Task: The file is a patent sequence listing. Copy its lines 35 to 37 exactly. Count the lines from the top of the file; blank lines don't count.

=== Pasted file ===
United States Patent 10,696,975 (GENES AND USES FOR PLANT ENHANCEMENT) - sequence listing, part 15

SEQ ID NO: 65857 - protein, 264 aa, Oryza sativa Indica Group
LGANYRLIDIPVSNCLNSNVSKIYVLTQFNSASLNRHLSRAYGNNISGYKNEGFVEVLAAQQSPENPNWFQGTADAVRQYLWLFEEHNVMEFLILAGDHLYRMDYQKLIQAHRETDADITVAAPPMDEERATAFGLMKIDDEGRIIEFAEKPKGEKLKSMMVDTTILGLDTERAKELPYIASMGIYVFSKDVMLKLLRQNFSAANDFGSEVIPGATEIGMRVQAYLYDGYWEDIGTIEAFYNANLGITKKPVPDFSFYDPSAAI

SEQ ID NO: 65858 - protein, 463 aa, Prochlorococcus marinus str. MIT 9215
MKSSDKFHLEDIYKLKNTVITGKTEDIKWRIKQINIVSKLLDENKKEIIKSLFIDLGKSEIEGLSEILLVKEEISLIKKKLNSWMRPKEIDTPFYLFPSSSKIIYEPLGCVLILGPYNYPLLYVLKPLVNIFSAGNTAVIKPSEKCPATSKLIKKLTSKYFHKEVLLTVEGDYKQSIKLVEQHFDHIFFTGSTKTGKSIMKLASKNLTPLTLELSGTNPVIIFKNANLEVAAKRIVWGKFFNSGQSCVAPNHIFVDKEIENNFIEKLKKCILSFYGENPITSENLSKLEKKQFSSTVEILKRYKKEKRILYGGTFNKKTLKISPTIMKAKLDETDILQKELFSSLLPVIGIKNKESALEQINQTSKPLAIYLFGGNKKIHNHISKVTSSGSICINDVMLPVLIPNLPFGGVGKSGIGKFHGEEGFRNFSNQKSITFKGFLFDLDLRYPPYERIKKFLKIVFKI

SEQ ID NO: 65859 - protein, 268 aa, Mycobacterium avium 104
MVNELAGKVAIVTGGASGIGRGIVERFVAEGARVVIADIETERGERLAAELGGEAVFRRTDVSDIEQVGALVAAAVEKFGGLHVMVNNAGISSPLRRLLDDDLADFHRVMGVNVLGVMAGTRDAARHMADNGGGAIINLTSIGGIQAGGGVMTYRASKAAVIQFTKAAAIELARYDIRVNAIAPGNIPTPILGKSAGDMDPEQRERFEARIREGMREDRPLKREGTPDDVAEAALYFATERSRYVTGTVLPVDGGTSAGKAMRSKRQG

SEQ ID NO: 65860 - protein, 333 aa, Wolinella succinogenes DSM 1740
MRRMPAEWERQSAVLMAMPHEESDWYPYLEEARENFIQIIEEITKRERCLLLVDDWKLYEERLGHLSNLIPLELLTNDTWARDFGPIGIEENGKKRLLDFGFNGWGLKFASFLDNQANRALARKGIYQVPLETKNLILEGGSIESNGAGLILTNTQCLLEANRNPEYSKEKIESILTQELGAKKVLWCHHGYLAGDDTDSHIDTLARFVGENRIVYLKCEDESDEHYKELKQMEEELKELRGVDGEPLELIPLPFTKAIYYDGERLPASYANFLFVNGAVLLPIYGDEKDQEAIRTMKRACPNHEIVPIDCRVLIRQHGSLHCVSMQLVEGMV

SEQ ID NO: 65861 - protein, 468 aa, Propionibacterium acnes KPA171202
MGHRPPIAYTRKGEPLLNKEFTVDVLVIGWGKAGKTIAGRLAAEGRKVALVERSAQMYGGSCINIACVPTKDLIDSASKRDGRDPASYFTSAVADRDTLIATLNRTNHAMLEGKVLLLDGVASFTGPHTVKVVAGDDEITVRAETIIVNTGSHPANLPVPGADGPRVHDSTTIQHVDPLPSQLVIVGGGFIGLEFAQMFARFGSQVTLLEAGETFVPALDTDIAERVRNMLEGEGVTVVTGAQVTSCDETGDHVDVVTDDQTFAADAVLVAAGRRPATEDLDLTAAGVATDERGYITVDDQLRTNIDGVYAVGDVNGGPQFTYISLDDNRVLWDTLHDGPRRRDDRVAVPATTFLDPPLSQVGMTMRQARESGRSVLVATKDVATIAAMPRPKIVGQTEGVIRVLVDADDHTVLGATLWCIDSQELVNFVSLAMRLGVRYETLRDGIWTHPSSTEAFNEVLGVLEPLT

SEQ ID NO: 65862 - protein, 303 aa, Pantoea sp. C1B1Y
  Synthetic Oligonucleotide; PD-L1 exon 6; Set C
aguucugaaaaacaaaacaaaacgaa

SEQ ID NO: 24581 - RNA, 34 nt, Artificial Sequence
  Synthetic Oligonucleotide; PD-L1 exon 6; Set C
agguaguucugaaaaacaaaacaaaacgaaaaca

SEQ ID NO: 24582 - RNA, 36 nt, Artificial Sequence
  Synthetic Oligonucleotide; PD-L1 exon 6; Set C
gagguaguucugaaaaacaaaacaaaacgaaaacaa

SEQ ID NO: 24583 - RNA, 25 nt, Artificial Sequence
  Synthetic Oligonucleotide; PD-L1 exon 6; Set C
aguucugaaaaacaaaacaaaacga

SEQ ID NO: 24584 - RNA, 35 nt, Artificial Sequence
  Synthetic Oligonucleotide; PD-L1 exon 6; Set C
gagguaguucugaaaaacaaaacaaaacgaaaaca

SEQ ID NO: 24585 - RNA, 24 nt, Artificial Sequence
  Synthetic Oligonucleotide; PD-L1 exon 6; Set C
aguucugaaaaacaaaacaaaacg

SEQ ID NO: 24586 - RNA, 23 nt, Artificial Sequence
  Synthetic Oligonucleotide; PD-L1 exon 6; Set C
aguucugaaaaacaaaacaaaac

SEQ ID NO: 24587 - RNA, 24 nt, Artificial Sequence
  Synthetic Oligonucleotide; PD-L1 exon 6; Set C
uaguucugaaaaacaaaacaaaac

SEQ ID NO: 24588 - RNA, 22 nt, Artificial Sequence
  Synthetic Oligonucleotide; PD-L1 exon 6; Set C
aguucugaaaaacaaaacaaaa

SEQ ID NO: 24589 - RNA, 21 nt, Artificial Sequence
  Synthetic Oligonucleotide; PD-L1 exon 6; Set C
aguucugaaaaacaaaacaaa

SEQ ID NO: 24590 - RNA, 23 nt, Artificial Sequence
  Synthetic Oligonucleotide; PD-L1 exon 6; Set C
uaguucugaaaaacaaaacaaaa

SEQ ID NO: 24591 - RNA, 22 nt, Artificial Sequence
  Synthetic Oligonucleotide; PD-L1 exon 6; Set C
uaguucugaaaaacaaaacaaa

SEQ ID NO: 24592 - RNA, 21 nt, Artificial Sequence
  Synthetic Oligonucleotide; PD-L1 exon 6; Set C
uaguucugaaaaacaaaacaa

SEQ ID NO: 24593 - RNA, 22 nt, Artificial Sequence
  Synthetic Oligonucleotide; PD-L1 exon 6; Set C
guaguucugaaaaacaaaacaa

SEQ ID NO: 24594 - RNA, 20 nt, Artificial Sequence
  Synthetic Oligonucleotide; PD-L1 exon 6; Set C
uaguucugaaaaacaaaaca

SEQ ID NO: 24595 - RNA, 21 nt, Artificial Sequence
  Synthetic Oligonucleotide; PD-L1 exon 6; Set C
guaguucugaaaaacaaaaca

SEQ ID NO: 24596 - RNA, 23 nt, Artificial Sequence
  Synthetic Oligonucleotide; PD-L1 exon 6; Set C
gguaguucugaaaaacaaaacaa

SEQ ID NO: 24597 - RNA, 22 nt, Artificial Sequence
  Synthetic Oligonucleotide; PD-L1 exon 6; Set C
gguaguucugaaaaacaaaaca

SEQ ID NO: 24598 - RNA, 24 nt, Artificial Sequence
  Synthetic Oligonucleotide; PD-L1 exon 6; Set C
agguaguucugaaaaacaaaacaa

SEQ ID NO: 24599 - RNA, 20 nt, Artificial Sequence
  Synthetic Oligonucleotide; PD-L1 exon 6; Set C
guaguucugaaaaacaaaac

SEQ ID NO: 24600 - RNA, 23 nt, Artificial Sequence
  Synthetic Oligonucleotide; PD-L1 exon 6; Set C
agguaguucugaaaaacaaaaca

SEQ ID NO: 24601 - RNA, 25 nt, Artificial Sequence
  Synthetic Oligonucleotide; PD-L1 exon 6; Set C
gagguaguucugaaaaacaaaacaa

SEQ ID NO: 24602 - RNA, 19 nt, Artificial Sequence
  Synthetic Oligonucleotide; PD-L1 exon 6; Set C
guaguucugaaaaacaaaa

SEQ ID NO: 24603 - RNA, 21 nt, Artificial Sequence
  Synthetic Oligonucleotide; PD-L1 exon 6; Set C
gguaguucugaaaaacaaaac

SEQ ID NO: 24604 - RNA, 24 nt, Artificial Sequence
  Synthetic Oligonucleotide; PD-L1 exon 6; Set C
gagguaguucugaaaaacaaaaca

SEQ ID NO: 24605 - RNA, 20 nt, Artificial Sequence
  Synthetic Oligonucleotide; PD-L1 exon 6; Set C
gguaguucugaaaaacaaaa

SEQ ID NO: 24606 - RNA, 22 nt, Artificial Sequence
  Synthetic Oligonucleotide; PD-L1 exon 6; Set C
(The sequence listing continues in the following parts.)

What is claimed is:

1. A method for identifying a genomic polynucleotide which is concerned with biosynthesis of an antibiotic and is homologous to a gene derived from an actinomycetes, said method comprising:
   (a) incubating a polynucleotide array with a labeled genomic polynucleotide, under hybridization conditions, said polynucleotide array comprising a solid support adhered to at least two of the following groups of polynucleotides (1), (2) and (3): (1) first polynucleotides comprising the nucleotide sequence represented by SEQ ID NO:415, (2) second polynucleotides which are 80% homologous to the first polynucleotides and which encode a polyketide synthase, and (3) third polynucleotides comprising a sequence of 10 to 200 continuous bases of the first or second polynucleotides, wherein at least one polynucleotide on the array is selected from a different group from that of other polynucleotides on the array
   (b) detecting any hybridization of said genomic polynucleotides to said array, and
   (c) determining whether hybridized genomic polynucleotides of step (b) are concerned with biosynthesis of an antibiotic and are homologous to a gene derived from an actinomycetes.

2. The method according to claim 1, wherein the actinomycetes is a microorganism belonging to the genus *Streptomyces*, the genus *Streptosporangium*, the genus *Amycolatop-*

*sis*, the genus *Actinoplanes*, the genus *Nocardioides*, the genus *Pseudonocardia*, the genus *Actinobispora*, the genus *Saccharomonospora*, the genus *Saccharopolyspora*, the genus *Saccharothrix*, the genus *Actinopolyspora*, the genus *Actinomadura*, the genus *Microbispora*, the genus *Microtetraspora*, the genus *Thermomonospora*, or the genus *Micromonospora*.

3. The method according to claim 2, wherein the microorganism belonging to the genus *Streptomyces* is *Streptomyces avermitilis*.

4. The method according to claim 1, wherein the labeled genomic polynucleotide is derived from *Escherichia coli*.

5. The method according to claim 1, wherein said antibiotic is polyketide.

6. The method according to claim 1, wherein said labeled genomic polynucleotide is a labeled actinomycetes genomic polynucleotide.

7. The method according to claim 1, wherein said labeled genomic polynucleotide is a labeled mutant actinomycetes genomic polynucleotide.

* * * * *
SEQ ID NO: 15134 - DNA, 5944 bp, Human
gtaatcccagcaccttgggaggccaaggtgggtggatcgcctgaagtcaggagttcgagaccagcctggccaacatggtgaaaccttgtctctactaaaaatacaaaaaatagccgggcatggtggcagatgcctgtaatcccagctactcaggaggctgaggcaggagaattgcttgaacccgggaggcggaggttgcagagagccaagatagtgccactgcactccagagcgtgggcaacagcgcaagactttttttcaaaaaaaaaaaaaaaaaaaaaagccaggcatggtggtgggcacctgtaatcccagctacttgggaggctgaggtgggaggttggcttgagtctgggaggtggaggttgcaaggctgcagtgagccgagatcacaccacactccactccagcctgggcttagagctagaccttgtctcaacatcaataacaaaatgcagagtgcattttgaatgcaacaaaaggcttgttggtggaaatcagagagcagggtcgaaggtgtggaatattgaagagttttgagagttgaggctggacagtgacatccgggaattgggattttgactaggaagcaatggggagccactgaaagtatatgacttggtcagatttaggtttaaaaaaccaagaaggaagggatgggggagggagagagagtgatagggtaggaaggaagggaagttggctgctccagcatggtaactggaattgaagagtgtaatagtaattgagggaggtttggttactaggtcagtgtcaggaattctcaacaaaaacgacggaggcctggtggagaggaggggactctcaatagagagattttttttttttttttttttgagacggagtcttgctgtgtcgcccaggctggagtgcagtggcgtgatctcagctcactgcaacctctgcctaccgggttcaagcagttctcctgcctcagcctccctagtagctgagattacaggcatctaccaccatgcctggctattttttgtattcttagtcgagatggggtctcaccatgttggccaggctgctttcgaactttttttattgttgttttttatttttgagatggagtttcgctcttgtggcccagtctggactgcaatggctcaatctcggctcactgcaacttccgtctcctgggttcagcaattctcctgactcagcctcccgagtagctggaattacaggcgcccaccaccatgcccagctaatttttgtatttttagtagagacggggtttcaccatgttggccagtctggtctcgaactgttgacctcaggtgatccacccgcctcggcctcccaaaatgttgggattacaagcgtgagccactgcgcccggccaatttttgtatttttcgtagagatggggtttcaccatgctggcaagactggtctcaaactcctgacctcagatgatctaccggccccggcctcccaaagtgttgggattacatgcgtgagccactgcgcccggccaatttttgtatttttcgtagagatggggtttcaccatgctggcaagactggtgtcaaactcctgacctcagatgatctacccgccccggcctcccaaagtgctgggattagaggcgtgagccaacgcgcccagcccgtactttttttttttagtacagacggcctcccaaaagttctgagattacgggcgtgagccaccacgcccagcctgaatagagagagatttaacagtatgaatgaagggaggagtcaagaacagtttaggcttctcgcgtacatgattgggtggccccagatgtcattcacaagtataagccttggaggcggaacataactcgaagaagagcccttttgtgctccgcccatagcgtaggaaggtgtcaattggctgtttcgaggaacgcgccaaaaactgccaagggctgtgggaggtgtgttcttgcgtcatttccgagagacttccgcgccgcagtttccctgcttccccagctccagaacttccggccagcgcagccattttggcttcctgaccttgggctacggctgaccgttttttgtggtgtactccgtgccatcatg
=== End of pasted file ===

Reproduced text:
uaguucugaaaaacaaaacaaaac

SEQ ID NO: 24588 - RNA, 22 nt, Artificial Sequence
  Synthetic Oligonucleotide; PD-L1 exon 6; Set C